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Ben, thanks for the tip, I will look at Hammerl Web page. From what I read so far, however, they recommend their liquid extract as being more lightfast that powedered dyes. But this may not include powdered madder root.

Rob, I applied it on a yellow ground as well as on bare wood with colorless ground/without any ground and the result was very similar. If it was only the ground, I guess that the color would look different straight ahead, as soon as you apply it, except for a slight change during drying.

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Hi Marc:

I have found exactly the same thing with the varnish from International Violin - which I think is from Hammerl - except that it has taken about 6 months for the red to disappear. I have used two different batches, and also tried the clear varnish to which I added the color extract myself. Each time I used a 50:50 mixture of the Golden Yellow and the Red. It gives a very nice red color at first, but after a few months it is a sort of orange brown. This is under normal room lighting. Right now I am trying out some metal complex dyes (Trans Tints) which are not as intense a color, but are supposed to be more stable.

Ed

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Ed, thank you for sharing your experience.

I also used Hammerl varnishes in the past for a cello (no mixing, simply using their golden brown color "as is") and also found that the result was way more orange than expected/depicted on their Web page. But since I had stained the wood back then, I thought this was a bad procedure from my own. Unfortunately, this doesn't seem to be the case.

Still, what makes me wonder is what may be in the air or the light here to make it happen so quickly.

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It's quite normal for many oil varnishes to change color as they polymerize (dry). I don't know why this is...... perhaps because the refractive index changes.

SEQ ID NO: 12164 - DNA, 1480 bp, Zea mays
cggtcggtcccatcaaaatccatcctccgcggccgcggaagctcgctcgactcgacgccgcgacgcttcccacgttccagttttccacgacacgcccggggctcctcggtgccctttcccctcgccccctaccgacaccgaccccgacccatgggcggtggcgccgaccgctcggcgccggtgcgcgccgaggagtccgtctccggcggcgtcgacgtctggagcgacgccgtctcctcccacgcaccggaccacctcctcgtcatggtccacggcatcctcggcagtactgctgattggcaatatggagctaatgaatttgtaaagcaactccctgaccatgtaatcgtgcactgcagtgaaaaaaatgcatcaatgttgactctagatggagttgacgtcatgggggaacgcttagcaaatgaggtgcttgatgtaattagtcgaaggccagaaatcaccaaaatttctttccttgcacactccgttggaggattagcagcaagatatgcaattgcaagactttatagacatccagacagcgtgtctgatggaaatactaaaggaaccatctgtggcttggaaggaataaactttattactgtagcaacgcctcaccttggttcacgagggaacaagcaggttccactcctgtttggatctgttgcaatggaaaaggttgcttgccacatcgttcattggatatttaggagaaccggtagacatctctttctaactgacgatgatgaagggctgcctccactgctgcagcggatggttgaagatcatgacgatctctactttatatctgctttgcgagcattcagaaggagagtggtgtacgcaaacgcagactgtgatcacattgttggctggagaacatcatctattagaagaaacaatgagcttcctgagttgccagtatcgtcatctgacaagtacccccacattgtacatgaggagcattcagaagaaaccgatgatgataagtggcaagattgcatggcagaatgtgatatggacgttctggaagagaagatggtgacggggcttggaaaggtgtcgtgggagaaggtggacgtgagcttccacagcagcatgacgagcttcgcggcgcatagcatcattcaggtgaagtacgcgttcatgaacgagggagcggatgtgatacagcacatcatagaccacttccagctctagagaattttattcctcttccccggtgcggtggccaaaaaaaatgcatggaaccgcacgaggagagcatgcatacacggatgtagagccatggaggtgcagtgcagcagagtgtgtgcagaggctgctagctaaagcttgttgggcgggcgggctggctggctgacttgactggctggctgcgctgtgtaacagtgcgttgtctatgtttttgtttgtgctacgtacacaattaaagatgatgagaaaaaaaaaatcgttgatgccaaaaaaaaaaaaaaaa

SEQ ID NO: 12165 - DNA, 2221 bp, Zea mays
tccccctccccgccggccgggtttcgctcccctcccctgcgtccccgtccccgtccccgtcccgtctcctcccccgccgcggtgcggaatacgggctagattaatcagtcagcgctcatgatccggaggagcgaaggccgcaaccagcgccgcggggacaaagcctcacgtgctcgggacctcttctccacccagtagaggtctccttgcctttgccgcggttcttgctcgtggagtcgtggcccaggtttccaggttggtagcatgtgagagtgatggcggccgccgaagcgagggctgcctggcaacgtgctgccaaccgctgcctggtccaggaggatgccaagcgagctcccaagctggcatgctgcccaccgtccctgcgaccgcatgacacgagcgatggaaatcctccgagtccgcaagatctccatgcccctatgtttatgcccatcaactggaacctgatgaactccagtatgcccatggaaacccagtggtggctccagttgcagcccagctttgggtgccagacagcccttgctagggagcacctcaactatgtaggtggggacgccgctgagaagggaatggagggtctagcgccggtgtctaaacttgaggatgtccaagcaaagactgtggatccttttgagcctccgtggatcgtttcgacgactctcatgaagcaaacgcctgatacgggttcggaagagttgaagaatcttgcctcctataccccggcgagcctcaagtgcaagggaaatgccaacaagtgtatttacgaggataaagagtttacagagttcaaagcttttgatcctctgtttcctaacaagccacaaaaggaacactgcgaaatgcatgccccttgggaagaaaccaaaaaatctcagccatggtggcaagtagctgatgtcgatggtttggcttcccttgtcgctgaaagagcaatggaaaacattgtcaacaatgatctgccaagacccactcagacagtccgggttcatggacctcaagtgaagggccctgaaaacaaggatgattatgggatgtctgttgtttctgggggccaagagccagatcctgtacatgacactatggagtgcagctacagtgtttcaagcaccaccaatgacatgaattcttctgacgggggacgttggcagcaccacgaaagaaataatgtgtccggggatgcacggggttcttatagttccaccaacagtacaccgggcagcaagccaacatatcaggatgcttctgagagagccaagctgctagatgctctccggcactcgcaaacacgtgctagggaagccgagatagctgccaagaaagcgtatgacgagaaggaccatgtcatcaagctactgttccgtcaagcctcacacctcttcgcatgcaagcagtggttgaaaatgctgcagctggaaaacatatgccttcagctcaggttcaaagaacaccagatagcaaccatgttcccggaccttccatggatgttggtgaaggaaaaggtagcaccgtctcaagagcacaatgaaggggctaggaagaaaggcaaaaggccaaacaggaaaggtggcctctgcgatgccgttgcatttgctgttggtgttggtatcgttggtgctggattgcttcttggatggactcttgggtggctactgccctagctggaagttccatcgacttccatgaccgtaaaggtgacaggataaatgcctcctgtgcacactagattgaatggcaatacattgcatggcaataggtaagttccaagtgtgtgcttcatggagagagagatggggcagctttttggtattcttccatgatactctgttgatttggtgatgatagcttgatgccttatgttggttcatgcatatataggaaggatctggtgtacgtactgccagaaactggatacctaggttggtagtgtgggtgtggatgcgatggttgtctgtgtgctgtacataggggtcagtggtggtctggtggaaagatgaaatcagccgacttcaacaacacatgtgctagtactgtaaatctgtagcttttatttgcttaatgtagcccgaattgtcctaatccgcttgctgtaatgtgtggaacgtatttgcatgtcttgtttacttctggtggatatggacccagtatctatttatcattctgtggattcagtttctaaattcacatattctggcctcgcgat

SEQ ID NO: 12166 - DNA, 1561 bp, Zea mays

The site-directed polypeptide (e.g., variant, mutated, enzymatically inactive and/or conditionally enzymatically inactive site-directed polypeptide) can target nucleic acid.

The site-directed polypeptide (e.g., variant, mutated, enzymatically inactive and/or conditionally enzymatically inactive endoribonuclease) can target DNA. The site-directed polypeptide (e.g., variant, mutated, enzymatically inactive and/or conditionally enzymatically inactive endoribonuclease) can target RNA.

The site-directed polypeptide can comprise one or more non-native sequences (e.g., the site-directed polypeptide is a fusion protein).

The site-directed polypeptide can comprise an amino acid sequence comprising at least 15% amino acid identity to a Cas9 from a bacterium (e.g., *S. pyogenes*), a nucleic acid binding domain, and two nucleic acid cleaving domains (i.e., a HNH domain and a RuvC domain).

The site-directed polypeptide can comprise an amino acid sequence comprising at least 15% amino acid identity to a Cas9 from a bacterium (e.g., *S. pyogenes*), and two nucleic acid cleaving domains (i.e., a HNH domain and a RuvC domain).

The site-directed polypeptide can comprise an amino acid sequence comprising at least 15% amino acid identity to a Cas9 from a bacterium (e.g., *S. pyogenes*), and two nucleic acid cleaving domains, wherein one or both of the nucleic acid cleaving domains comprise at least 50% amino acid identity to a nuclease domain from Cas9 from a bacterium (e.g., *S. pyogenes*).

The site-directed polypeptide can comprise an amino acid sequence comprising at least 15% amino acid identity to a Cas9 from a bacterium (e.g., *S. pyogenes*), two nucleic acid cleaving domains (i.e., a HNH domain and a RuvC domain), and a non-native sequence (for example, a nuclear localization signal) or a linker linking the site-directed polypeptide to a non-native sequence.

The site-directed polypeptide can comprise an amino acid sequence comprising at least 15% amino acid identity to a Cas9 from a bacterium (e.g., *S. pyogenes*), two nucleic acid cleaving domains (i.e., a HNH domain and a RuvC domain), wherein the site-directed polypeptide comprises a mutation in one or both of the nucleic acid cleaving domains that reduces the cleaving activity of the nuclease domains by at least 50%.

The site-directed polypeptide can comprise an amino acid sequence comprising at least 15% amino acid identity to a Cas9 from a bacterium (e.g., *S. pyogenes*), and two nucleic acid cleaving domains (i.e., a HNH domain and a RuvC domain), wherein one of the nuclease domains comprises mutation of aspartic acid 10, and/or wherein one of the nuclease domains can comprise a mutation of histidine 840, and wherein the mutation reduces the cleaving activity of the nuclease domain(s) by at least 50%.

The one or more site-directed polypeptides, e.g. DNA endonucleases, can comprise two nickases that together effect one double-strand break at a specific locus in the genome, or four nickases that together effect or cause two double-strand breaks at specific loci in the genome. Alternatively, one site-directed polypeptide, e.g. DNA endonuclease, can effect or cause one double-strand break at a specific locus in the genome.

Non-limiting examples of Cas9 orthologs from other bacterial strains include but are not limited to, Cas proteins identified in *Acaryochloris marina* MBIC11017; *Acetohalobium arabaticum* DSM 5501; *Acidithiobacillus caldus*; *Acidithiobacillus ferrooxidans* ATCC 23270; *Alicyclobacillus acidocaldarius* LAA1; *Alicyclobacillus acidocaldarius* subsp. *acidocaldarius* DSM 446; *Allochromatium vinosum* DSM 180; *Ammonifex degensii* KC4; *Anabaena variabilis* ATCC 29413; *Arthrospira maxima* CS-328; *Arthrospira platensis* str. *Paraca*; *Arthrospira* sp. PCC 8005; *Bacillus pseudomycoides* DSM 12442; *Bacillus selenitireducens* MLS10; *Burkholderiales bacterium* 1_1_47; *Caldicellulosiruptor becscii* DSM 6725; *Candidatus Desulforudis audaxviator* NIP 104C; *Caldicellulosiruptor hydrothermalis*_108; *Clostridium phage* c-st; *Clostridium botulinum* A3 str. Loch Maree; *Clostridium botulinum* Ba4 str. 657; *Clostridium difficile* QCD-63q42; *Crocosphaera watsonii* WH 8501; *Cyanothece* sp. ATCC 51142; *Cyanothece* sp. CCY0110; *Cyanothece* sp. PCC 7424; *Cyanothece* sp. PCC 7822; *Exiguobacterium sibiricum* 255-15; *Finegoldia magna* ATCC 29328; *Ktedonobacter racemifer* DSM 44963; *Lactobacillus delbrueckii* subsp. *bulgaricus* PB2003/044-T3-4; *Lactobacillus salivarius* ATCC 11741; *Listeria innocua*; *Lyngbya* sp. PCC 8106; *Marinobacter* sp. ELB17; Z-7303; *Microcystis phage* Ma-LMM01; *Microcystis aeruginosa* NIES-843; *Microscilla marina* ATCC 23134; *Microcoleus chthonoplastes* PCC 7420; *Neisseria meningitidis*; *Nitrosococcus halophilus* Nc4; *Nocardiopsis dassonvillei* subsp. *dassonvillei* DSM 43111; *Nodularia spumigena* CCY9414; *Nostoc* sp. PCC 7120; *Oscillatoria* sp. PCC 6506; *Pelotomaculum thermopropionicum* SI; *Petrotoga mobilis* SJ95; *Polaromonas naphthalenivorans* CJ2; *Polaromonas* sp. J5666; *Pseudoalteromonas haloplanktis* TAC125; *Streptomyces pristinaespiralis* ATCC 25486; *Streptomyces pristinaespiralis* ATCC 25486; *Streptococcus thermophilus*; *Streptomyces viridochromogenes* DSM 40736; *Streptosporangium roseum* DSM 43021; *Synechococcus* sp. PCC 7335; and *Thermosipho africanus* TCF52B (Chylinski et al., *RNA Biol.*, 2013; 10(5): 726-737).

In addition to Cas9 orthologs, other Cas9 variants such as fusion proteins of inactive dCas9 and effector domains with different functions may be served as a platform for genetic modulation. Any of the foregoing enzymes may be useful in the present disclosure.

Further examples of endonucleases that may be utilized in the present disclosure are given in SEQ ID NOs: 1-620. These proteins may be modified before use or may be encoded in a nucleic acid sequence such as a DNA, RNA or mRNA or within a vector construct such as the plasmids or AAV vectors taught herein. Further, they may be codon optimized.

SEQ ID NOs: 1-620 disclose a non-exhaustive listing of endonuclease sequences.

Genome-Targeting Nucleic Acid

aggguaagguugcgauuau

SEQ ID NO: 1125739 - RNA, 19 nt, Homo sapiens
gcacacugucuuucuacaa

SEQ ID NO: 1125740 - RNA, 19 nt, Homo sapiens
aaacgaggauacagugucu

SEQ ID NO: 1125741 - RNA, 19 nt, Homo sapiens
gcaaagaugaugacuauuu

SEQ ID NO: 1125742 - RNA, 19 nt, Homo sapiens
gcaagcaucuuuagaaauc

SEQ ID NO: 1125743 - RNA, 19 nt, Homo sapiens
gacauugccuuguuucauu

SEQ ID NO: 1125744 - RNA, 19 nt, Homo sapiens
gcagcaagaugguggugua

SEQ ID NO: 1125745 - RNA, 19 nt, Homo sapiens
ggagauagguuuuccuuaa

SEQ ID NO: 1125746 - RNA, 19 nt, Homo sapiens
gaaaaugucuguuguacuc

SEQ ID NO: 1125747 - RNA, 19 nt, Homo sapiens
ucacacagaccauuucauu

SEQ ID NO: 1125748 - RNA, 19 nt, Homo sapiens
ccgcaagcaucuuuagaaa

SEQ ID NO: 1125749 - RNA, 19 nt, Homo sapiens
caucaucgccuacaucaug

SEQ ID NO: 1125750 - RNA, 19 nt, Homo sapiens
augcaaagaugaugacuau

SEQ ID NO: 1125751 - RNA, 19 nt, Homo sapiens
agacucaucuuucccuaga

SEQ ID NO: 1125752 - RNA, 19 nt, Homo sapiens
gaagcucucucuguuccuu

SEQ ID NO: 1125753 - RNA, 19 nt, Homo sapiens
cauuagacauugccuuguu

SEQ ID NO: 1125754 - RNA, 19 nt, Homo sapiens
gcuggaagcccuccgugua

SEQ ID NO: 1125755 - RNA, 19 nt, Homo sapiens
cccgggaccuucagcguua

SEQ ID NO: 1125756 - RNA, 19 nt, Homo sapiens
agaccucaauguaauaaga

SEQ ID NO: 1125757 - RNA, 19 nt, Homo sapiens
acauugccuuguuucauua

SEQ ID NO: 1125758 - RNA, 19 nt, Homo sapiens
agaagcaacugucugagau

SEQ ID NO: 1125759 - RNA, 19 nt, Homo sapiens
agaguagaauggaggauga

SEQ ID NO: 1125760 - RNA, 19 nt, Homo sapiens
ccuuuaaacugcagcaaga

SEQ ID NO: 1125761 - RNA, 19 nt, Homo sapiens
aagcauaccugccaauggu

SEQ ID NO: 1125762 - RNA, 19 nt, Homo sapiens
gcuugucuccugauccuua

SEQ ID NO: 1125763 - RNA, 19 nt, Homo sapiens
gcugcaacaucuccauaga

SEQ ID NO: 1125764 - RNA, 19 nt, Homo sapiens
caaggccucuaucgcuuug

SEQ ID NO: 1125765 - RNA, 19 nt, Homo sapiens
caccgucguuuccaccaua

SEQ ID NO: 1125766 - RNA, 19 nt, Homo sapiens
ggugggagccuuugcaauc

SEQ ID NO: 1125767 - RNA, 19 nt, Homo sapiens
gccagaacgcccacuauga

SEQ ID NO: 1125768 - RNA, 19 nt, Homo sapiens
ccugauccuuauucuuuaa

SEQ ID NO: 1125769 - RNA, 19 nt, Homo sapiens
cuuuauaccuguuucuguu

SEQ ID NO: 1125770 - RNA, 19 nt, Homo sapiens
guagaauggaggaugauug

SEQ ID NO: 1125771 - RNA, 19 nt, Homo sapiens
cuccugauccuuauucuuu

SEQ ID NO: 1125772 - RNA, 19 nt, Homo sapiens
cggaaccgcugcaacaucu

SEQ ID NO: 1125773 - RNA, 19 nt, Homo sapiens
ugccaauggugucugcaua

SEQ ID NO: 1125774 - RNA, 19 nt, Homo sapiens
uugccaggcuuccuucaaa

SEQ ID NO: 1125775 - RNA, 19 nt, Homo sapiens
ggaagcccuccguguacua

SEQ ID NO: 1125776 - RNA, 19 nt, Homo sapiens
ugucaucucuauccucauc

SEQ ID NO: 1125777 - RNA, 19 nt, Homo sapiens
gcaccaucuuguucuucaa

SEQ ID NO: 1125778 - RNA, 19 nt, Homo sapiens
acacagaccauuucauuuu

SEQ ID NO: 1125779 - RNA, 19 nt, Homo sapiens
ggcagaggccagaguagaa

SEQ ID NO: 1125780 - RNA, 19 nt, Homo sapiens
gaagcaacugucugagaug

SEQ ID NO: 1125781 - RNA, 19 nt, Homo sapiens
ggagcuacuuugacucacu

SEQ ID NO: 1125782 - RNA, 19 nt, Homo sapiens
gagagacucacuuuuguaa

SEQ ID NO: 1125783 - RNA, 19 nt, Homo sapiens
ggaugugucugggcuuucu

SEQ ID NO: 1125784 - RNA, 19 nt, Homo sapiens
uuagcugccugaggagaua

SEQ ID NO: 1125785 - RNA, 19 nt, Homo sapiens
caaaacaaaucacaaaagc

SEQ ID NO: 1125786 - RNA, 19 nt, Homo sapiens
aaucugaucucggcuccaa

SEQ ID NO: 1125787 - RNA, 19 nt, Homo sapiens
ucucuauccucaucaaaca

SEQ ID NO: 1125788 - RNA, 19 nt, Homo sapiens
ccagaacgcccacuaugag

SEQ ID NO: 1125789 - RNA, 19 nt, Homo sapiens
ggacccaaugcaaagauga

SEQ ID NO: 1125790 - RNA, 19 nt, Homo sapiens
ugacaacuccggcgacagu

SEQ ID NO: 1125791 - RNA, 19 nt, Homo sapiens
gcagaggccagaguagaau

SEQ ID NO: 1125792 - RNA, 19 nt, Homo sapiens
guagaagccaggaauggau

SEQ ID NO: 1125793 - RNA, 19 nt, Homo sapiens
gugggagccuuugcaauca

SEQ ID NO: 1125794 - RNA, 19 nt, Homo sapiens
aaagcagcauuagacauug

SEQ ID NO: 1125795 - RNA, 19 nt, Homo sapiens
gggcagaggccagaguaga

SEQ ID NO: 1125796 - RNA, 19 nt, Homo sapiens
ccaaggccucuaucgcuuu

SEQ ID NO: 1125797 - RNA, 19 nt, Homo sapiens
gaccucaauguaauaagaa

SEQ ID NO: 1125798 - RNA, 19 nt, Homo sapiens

Whether a color remains light-fast after drying can't really be known from a manufacturers claims. It needs to be tested exactly the way you use it, with your wood treatment, your ground, your solvents, etc.

The easiest way I've found to test light-fastness is to prepare a sample exactly the way you varnish, break it in half, and put one piece in a drawer, the other taped to the inside of a window which gets a lot of direct sunlight. Even this isn't foolproof though, because it may fail to mimic chemical reactions which take place over a longer period of time, even in the dark.

The most stable dyes I've ever used in a spirit retouching varnish failed badly after several years when I used them to color nitrocellulose lacquer. This must have been some sort of long-term chemical reaction, because the object wasn't exposed to much daylight.

These same dyes also fade over time in an alcohol solution (premixed retouching base color). Once the alcohol is gone, they're fine.

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Not to hop on the bandwagon, but I've had the same experience with this varnish. I've tried golden brown and brown but they both turned out more orange. I like the varnish itself but I haven't been too happy with the coloring. I've found some dyes that I'm going to be adding next time to give me the color that I want so I'll see how it goes.

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  • 11 years later...
2 hours ago, Omar said:

hello, I bought the color extracts with clear varnish, but im not sure how to mix them together and the ratio of the varnish to the color extract. Does anyone have an idea?

You need to experiment. Pour one ounce of clear varnish into a small jar. Use disposable plastic pippetes to add drops of colorant. There is no magic formulation. So, get lots of wood test strips and take copious notes.

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I made some experiments with natural color dyestuff to test how lightfast they are. However I made the tests with spirit varnish.

The result was very simple. Colors blended with a blonde clear varnish would fade very quickly whereas colors blended with normal orange shellack would fade only a little. So a 'dark' varnish body seems to protect the colors better than a light and clear varnish body.

As far as I remember is the Joha varnish pretty light colored so the fading colors are not really a surprise.

The problem there is when you blend the colors you will never know how it will look like in a few years. To keep things as simple and uncomplicated as possible looking for another varnish might be the better option.